“Indeed those who say: "Our Rabb is Allah," and then remain steadfast - the angels descend on them saying "Fear not!" - "Nor grieve! but receive the Glad Tidings of the Garden (of Bliss) which you were promised.” (41:30)
Sufyan ibn Abdillah (RadhiyAllahu anhu) narrates that “I said, ‘O Messenger of Allah (ﷺ), give me a (clear and concise) statement regarding Islam which I need not ask anyone other than you about? ’ Nabi (ﷺ) said:‘Say I believe in Allah (Iman) and then remain steadfast (Istiqamah)” Muslim
The two directives given to Sufyan (RadhiyAllahu anhu) in the above Hadith sets out in amazing brevity the formula for success; Iman and Istiqamah.
Istiqamah means consistency and steadfastness in discharging your obligation in the best possible manner and with the highest possible enthusiasm. Nabi (ﷺ) himself was specifically instructed to execute his obligations with Istiqamah in the following words:“Be steadfast (in discharging your obligations) as you are commanded (by Allah)(11:112) Ibn Abbas states that this was the most difficult verse of the Quran on Nabi (ﷺ) to the extent that he would say that: (This verse of) Sura Hud has made me grey.”
The differences between a believer and a hypocrite, between a looser and a winner, between success and failure lie in the level of your Istiqamah. With Istiqamah you can accomplish the most difficult of tasks. The distinction between achievers and defeatists lies in their ability to be steadfast and consistent in what they do.
How do we achieve Istiqamah?
“Winners make commitments - Losers make promises”. The most important single factor in individual success is COMMITMENT. Commitment ignites action. The best description of commitment is “persistence with a clear purpose.” Commitment is what you do immediately whilst a promise is what you hope to do in the future (Abdullah ibn Masud)
"Man is influenced by the faith of his friends. Therefore, be careful of whom you associate with.” (Abu Dawud) This means that a person’s beliefs, values and character is shaped and determined by those that he associates with. You are as righteous, committed, motivated and as productive as your friends are. “Tell me who your best friends are and I will tell you who you are” The simple but true fact of life is that you become like those you closely associate with- for the better or worse.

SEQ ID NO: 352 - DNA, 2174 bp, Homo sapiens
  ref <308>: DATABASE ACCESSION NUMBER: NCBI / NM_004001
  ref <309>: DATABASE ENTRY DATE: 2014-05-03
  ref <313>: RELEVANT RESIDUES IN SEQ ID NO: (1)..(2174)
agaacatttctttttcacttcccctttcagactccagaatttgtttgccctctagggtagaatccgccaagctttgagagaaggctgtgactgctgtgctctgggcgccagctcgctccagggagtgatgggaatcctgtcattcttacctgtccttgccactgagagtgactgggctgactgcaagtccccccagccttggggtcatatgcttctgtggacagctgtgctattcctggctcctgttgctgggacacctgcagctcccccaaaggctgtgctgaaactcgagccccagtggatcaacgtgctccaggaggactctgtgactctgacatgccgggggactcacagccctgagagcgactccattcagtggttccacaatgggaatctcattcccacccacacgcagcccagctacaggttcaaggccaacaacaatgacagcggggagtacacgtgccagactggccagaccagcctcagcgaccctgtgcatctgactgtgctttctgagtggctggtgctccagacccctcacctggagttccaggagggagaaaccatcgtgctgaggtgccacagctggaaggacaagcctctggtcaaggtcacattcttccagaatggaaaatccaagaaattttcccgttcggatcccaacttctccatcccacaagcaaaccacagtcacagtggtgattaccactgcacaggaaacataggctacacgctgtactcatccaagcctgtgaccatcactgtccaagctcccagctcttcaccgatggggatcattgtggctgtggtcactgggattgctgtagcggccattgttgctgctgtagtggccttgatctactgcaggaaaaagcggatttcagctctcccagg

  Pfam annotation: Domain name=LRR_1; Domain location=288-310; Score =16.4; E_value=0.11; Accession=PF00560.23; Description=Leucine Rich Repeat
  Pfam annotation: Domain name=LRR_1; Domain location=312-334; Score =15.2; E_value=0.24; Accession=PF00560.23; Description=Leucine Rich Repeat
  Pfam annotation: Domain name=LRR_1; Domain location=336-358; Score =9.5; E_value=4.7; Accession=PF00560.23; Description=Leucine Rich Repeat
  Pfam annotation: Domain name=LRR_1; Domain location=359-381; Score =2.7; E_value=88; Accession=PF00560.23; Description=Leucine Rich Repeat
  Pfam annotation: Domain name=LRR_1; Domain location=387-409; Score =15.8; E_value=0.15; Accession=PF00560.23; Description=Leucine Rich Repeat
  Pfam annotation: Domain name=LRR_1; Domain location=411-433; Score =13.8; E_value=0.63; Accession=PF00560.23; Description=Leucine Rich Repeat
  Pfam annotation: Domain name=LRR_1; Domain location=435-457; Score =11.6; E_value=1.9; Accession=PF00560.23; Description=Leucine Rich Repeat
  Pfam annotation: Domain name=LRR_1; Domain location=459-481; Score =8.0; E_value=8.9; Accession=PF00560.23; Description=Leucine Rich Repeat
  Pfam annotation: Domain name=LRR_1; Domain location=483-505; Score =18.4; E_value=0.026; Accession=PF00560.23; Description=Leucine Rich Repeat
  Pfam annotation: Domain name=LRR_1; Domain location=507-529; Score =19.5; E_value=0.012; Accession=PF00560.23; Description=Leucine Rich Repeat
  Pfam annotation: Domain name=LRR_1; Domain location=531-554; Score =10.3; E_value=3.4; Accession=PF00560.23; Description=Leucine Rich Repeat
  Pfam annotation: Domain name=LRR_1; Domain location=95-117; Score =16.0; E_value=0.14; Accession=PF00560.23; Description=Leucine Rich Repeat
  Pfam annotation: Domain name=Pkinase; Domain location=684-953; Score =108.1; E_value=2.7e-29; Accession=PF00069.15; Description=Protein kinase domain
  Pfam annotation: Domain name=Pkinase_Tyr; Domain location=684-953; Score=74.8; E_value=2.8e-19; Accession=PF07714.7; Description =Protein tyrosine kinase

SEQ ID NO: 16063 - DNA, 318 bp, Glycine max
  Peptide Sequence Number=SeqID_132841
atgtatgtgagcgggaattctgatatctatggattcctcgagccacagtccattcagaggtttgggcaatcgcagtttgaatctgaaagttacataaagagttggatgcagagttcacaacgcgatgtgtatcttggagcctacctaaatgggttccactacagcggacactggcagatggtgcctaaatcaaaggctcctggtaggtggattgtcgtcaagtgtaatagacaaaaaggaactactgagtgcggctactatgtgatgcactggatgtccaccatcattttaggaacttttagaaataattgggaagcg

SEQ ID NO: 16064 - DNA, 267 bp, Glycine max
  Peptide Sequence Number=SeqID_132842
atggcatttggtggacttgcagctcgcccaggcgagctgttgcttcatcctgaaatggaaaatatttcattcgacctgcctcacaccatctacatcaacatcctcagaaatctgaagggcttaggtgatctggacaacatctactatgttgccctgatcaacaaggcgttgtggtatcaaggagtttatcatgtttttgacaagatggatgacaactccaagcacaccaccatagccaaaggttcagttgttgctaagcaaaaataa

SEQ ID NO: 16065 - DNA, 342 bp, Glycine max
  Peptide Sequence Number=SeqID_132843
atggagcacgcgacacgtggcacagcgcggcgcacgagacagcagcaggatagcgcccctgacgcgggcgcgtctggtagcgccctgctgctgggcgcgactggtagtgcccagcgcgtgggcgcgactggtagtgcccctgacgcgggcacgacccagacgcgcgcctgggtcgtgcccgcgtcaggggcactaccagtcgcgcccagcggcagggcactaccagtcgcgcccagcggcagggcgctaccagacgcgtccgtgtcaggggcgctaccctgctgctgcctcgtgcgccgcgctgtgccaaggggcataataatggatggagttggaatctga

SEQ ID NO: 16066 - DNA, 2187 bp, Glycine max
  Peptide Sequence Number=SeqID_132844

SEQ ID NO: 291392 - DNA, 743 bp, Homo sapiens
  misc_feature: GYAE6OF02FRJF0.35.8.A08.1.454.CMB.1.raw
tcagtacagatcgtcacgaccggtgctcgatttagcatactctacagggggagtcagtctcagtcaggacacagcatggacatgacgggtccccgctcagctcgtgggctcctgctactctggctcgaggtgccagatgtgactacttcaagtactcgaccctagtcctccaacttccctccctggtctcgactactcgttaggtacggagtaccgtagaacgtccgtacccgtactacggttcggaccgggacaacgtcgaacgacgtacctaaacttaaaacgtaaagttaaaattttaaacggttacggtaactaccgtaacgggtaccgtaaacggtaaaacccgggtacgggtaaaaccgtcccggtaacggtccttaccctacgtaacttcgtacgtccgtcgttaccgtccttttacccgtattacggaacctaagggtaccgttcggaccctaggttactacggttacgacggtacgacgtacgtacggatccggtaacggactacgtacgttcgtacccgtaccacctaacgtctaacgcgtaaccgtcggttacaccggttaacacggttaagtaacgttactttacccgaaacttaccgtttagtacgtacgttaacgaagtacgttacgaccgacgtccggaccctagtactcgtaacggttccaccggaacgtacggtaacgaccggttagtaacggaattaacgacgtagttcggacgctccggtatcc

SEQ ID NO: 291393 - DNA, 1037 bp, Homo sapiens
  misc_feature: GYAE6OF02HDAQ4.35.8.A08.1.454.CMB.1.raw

The Sincerity of Purpose
“The reward of deeds depends upon the intentions, and every person will be rewarded according to his intention...” (Bukhari)
Our sincerity determines the true value of our actions and also helps us to be consistent in what we do.“There is nothing more difficult for me to correct than my intentions, for it continually attempts to change.” (Sufyan Thawri)
Our sincerity of purpose purifies our actions and gives added significance to what we do. A man approached three workers who were doing the same job. “What are you doing?” he asked each one of them separately and got different answers. “I am cutting stones” replied the first. “I am earning my livelihood” replied the second. “I am building a mosque” replied the third. The value of what we do depends upon the inner purpose in our heart with which we do our work.
“Time is like capital in the hands of an investor, which he invests for the purpose of profit. The greater the amount being invested, the greater the returns. So whoever takes advantage of doing good deeds in his life has achieved success, while whoever wastes his investment will not see any profit but incur great loss.” (Sharaf al-Din Tibi)
Imam Ghazali rahimahullah says" “It is incumbent on every person who believes in Allah and the Last Day that he should not be oblivious of evaluating himself. Every breath of life is a precious jewel which can buy eternal treasures. Wasting these breaths or using them for detrimental purposes is such a great loss which no intelligent person could justify. When a person wakes up he tells himself that the only commodity he has is his life. When life perishes all his capital perishes" (The Provision of Believers)
It is necessary for an individual to pause at the end of each day that has passed, in order to check himself and run through his achievements: What has he done in the course of the day? Why has he done it? What has he omitted? Why has he omitted it? You will not meet a believer except he is evaluating himself.” (Al Hasan Basri)
Unfortunately, honest self-evaluation is one of the hardest skills to master. We generally tend to be self-serving in our thoughts.
Umar (RadhiyAllahu anhu) would often say "Criticize and appraise yourselves before you are criticized and appraised on the Day of Judgment, and weigh out your deeds, before they are weighed out for you." A Sage once said “We take delight in every day that we have lived, yet each day that passes is a portion (gone) of a lifetime.”
May Allah make us of those who persevere and remain steadfast in doing good and abstaining from evil.